A ringtail Hen Harrier flying along the Deer Park wall was a nice post-breakfast treat. It flew off over the Trehill Farm fields towards the Mere.

The surprise of the morning was an influx of Bullfinches (all male). One in a flock of Linnets behind the Skomer MCZ buildings, another in the sallows (garden tick!), and a third, calling loudly, in the very middle of the Deer Park. Also at least one Red Kite patrolling along the cliffs.

As we were checking the Fulmar colony at the end of the Deer Park (7 birds sitting on 5 sites), a small cloud of Gannets alerted us to a pod of over 50 Common Dolphins at the North end of Jack Sound. They were clearly feeding very actively, and moved slowly towards Skomer over the next half hour. 

Mid-afternoon we walked from Druidstone to Broad Haven. A Black-throated Diver was feeding close to the cliffs, and was starting to come into summer plumage. We could not find any Surf or Velvet Scotors, but the sound of a flock of 40+ Common Scotors starting to display, jostle, and generally socialise was beautiful to hear.

I walked back from Marloes Mere to Martin’s Haven from about 5 o’clock, with the light fading. A Buzzard glided at medium height across the Mere, and was intercepted by a Short-eared Owl. It started to mob the Buzzard, and was joined by another owl - this made the Buzzard’s position intolerable, and it slunk off. The two owls then gained height and started what seems to me to be a form of displaying: one owl would fly with wings held stiffly erect in a V-shape, then clap them. Then the two owls would fly to each other, and briefly tumble, grasping claws in a sort of mock food pass, before flying apart, and starting it again. Wonderful to watch as the horizon turned crimson!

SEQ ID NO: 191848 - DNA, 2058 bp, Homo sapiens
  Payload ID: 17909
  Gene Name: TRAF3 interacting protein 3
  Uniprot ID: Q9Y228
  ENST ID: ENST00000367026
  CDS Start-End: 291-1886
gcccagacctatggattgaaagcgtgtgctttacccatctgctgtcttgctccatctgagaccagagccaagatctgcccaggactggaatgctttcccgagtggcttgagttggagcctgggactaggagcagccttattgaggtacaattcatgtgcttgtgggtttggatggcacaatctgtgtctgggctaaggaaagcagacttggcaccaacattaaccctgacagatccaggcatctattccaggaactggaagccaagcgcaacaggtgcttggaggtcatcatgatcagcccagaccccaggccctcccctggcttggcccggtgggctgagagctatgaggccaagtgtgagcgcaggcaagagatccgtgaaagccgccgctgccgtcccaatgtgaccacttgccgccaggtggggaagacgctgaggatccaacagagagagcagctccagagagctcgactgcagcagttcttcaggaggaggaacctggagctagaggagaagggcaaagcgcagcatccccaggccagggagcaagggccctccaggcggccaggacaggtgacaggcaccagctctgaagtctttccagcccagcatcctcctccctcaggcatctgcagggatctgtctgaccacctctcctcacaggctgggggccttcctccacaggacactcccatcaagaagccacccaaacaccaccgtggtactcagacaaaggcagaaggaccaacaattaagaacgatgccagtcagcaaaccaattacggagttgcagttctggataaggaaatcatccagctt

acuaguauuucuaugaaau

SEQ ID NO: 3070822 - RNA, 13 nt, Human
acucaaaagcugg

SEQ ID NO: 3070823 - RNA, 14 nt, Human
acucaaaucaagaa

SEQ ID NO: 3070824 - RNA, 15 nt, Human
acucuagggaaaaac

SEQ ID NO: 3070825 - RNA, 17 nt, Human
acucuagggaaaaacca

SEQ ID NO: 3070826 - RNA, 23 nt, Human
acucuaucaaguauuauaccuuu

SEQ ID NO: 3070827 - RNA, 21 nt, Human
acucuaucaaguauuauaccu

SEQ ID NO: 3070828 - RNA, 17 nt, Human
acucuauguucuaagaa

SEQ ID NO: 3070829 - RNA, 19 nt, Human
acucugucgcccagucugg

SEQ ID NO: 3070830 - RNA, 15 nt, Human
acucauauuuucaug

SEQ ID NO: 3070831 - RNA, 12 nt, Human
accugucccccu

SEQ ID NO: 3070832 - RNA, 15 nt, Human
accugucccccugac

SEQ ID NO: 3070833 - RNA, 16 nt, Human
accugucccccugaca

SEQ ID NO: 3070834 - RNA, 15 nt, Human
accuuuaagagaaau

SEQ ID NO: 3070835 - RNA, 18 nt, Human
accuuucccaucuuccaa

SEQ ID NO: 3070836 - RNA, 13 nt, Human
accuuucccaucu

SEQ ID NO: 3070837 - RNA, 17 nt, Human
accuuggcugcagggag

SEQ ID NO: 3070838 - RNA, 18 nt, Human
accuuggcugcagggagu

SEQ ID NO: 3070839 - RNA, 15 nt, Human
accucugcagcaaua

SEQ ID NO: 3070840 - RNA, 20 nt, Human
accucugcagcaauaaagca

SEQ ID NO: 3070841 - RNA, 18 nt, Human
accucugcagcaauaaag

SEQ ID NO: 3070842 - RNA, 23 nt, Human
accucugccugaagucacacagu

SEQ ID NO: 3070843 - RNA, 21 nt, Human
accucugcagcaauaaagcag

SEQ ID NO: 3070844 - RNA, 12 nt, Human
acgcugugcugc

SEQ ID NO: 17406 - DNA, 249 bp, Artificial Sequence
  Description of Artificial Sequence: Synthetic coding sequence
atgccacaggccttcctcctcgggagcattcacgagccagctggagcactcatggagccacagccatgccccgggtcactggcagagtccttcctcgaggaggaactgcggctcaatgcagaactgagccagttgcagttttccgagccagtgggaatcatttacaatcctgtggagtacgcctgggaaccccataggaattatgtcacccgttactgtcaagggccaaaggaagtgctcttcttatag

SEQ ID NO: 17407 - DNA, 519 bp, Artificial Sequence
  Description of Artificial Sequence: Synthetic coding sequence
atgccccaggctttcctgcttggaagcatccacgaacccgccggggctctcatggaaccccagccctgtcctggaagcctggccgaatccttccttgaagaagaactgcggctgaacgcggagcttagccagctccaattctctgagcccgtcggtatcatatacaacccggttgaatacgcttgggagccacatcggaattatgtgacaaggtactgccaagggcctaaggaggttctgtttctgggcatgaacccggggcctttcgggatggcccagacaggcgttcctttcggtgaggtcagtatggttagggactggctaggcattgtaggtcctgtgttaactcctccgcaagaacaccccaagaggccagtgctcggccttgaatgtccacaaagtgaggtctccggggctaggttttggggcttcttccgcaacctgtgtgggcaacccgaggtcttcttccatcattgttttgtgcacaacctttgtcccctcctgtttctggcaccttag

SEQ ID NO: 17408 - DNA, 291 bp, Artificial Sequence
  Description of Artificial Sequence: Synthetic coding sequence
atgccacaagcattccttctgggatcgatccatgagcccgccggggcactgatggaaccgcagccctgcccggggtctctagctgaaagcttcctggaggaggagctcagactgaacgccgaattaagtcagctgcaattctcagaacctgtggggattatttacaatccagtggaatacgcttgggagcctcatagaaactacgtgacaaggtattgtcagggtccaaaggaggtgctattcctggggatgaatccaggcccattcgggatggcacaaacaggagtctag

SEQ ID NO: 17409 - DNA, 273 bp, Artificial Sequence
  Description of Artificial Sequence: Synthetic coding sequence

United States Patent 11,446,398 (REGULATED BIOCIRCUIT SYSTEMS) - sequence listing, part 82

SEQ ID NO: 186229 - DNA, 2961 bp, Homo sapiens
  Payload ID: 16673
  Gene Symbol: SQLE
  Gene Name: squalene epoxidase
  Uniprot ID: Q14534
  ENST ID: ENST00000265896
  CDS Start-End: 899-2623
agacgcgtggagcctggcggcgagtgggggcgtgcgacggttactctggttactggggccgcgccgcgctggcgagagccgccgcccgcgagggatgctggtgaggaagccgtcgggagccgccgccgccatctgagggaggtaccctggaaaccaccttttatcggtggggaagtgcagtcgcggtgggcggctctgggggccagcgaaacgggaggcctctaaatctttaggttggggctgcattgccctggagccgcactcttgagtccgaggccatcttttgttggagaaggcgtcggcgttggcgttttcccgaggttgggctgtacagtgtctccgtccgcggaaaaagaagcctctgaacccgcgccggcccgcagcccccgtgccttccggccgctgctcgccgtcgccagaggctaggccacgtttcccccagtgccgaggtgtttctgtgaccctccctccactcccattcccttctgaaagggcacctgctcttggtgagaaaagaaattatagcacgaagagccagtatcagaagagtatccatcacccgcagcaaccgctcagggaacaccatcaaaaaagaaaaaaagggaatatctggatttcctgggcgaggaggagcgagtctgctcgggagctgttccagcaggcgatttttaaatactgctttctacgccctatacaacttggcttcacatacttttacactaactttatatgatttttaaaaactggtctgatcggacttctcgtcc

Friday, 14 January 2022

Around St Davids this week

From Fiona Day:

A few highlights from around St. David's this week...

Tuesday: great views of a barn owl at around 4.30pm on the Whitesands road, just next to Caeriad market garden. 

Wednesday: half an hour at Dowrog common before dark gave great views of a short eared owl and a glimpse of a barn owl. 

Thursday: just before 8am a golden plover flew across the road and landed in the verge between the Cathedral and the turning for Treginnis. 

Friday: seven whooper swans on Trefeddian at around 4.15pm. A great white egret flew over head on the Fishguard road near Croesgoch.

Bosherston Lakes/Stackpole Warren, Angle & Castlemartin Corse Glossy Ibises

A walk around the Eastern Arm and Central Lake at Bosherston Lakes this morning produced similar numbers of birds and species to Paul. Our view of a single Chiffchaff, near the junction where the alternative upper path meets the main Eastern Arm path, was brief but it was a very pale bird with no hint of any yellow or green in its plumage. It was most likely one of the northern subspecies, but our views were too brief and it did not call at all. Out on Stackpole Warren we almost stepped on a Jack Snipe (as you do!) which flew off silently, dropping into some Marram grass c.20 metres away. 

We attempted to go to Kilpaison this afternoon, but had to turn back because the beach road had been  closed by the Bomb disposal unit! Over at Angle harbour, numbers of waders at the ridge roost were modest: around 100-120 Dunlin, 2 Knot, c.20 Redshanks, a Greenshank, c.50 Oystercatchers and c.30 Shelducks. A few Pintails were resting in the bay but Wigeon numbers had dropped considerably, although this is fairly typical here at this time of year. 

We decided to have a look at the Castlemartin Corse area just before dusk to watch the Starling roost. The first bird we saw was a Short-eared Owl, hunting in rough vegetation near the Castlemartin-Freshwater West road. A distant ring-tail Hen Harrier was hunting on the northern side of the reedbed, just before Starlings started to arrive.